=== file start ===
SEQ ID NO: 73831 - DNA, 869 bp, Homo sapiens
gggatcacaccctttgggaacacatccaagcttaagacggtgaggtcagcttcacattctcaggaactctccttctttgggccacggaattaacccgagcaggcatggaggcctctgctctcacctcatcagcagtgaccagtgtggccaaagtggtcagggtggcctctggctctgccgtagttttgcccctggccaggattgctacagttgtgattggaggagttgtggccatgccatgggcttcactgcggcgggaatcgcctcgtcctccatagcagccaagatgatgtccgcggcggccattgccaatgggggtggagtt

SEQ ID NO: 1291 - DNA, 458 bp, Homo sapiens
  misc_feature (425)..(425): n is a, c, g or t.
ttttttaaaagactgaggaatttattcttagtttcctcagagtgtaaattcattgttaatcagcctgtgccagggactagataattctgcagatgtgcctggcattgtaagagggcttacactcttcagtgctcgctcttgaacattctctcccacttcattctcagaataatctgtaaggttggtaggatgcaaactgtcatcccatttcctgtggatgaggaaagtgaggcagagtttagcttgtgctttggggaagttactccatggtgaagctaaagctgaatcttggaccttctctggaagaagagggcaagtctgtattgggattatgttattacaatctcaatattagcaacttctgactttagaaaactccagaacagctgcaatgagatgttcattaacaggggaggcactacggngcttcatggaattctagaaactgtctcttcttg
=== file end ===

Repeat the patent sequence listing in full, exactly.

SEQ ID NO: 73831 - DNA, 869 bp, Homo sapiens
gggatcacaccctttgggaacacatccaagcttaagacggtgaggtcagcttcacattctcaggaactctccttctttgggccacggaattaacccgagcaggcatggaggcctctgctctcacctcatcagcagtgaccagtgtggccaaagtggtcagggtggcctctggctctgccgtagttttgcccctggccaggattgctacagttgtgattggaggagttgtggccatgccatgggcttcactgcggcgggaatcgcctcgtcctccatagcagccaagatgatgtccgcggcggccattgccaatgggggtggagtt

SEQ ID NO: 1291 - DNA, 458 bp, Homo sapiens
  misc_feature (425)..(425): n is a, c, g or t.
ttttttaaaagactgaggaatttattcttagtttcctcagagtgtaaattcattgttaatcagcctgtgccagggactagataattctgcagatgtgcctggcattgtaagagggcttacactcttcagtgctcgctcttgaacattctctcccacttcattctcagaataatctgtaaggttggtaggatgcaaactgtcatcccatttcctgtggatgaggaaagtgaggcagagtttagcttgtgctttggggaagttactccatggtgaagctaaagctgaatcttggaccttctctggaagaagagggcaagtctgtattgggattatgttattacaatctcaatattagcaacttctgactttagaaaactccagaacagctgcaatgagatgttcattaacaggggaggcactacggngcttcatggaattctagaaactgtctcttcttg